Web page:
Posted Feb. 5, 2019, 8 a.m. by Suzanne Shaffer | View Comments
African-American Woman Using Mobile at Street

Social media makes it easier than ever to connect with colleges and admissions representatives because you don’t have to be on campus to make a connection. College admissions officers prefer students who are partial to their particular school and many consider whether a student is “demonstrating interest” during the admissions decision process. You can find out how much emphasis a college places on demonstrating interest by visiting CollegeData.com, typing in the college name, clicking on the admissions tab, and viewing the Selection of Students information. Bentley University, for instance, considers demonstrated interest as an “important” factor in college admission. But ...

Posted Jan. 14, 2019, 8 a.m. by Suzanne Shaffer | View Comments
Portrait of sad teenage boy reading message on his phone.

“It was the best of times; it was the worst of times.” Charles Dickens wasn’t talking about college admissions, but it certainly applies. By late December, the Early Decision answers have come in. If you were blessed, your student will be on cloud nine being accepted to their first-choice college. If you are like many parents and students, the lack of an admissions offer will be devastating. A friend of mine experienced the bad news last year right before Christmas. It rocked her world because her son was a legacy and had impeccable test scores and grades. But it was ...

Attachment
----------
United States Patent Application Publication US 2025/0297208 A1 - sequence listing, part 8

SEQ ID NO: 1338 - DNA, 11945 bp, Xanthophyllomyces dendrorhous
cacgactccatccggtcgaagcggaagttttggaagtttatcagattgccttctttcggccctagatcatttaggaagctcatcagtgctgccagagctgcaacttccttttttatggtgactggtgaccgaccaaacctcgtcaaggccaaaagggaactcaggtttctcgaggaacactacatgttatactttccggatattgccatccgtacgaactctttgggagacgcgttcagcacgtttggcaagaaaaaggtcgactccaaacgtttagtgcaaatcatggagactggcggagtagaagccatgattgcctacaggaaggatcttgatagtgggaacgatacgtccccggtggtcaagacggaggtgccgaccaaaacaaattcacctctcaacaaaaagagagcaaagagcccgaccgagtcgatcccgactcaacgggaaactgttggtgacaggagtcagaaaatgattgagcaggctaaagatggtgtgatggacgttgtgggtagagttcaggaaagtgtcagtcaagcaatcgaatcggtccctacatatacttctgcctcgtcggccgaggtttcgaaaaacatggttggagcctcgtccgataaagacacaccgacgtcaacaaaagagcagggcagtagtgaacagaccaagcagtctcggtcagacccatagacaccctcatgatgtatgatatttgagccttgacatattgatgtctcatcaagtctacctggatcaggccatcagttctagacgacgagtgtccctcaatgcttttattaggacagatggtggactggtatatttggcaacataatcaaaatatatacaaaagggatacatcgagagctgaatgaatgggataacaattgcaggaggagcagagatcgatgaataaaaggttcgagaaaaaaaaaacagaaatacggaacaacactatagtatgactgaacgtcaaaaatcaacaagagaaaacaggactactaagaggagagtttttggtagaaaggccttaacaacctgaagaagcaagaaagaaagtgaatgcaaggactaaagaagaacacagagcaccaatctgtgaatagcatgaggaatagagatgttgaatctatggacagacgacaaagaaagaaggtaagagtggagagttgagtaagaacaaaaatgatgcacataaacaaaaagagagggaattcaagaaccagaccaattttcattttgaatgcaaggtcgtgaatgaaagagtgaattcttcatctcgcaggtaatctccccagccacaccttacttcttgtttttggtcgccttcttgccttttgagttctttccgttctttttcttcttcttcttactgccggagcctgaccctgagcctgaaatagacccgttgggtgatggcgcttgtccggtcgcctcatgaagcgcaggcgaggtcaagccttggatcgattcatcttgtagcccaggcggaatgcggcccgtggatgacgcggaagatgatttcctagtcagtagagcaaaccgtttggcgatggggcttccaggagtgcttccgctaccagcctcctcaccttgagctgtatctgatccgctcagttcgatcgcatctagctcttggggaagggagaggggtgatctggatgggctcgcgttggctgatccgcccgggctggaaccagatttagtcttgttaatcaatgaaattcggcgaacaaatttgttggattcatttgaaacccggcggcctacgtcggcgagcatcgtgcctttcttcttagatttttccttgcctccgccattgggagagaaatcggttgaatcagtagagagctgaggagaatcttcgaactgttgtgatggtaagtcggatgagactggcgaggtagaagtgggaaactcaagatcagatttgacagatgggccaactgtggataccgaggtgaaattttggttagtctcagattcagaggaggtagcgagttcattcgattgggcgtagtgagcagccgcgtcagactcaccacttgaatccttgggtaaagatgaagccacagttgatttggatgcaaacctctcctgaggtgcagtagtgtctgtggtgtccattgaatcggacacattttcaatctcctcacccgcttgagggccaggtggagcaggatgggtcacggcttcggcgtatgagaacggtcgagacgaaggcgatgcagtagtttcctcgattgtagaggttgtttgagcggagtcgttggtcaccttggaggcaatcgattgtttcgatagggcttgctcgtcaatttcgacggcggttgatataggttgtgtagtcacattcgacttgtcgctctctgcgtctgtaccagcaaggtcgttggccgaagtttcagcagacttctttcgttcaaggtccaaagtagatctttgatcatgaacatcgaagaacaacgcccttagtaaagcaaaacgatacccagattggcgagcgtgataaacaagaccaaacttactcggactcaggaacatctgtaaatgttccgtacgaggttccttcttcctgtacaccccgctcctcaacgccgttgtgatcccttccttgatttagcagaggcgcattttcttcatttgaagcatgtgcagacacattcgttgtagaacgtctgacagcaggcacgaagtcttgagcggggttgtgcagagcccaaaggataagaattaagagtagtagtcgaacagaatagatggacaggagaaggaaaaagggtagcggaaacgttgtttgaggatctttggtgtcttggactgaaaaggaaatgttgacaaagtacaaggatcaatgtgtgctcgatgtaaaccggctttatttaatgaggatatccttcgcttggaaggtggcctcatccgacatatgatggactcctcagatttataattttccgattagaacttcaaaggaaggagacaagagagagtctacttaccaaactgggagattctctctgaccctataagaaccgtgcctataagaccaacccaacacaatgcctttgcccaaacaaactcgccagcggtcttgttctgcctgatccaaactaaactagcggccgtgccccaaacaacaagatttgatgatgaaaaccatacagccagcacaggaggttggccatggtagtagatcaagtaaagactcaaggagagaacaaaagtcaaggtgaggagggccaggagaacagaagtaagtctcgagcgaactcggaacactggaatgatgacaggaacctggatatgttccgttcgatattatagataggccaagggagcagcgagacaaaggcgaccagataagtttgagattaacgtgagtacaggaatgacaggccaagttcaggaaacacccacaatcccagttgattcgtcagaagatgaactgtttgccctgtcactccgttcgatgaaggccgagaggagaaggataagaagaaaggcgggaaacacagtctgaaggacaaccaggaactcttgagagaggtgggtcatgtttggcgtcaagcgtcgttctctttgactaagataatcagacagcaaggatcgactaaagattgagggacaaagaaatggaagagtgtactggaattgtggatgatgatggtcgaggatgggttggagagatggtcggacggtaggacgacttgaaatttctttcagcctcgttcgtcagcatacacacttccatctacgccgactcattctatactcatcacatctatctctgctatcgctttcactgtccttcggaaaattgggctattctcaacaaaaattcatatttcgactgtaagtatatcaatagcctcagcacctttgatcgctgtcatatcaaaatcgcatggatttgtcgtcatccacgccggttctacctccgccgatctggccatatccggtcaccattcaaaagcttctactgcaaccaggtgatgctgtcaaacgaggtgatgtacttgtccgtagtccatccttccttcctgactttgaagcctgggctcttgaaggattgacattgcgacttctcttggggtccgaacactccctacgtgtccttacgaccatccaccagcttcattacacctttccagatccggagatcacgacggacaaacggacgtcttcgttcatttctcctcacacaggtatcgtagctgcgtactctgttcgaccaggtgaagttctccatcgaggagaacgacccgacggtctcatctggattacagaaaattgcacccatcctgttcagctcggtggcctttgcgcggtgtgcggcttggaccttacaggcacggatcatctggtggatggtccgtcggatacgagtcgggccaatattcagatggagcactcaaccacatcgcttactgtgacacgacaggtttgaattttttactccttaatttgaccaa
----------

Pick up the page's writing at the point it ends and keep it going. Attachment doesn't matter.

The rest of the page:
Posted Oct. 20, 2018, 8 a.m. by Suzanne Shaffer | View Comments
FAFSA form on clipboard and keyboard

The biggest complaint from parents and students about the Free Application for Federal Student Aid, or FAFSA, is that it’s too complicated and difficult to complete. In fact, many have found the process so overwhelming that they don’t even start it. This is a bad decision for prospective college students because the FAFSA is the form used to determine not only eligibility for government financial aid, but state and institutional aid, and some private scholarships. The U.S. Education Department’s Office of Federal Student Aid processes about 20 million FAFSA applications a year. But experts say many students who could and ...

Posted Oct. 9, 2018, 8 a.m. by Suzanne Shaffer | View Comments
Computer keyboard with Apply Now button

To help you and your student prepare for this season of college applications, it’s important to understand any changes in the application requirements and formats. There are four college applications currently available to students: The Common Application, The Coalition Application, the Universal Application, and college-specific applications. Each year, the applications offer changes and upgrades to the previous year, and the 2018-19 application season is no different. Following are some changes to note for this year’s applications. The Common Application The 2018-19 Common App launched on August 1. This is the most widely used application by prospective college students because you ...

Posted Oct. 5, 2018, 8 a.m. by Suzanne Shaffer | View Comments
calendar showing November 2018

Early Decision has become more and more popular among students applying to college. A vast majority of students are opting to apply Early Decision to their first-choice colleges in order to get an answer before Jan. 1, rather than waiting for the regular college application cycle in the spring. But when students apply Early Decision, it’s a commitment to the college. If accepted, they promise to attend that college and agree to not apply to any other colleges. What are the deadlines for Early Decision? Early Decision application deadlines are usually prior to Nov. 1. The deadlines for Early Decision ...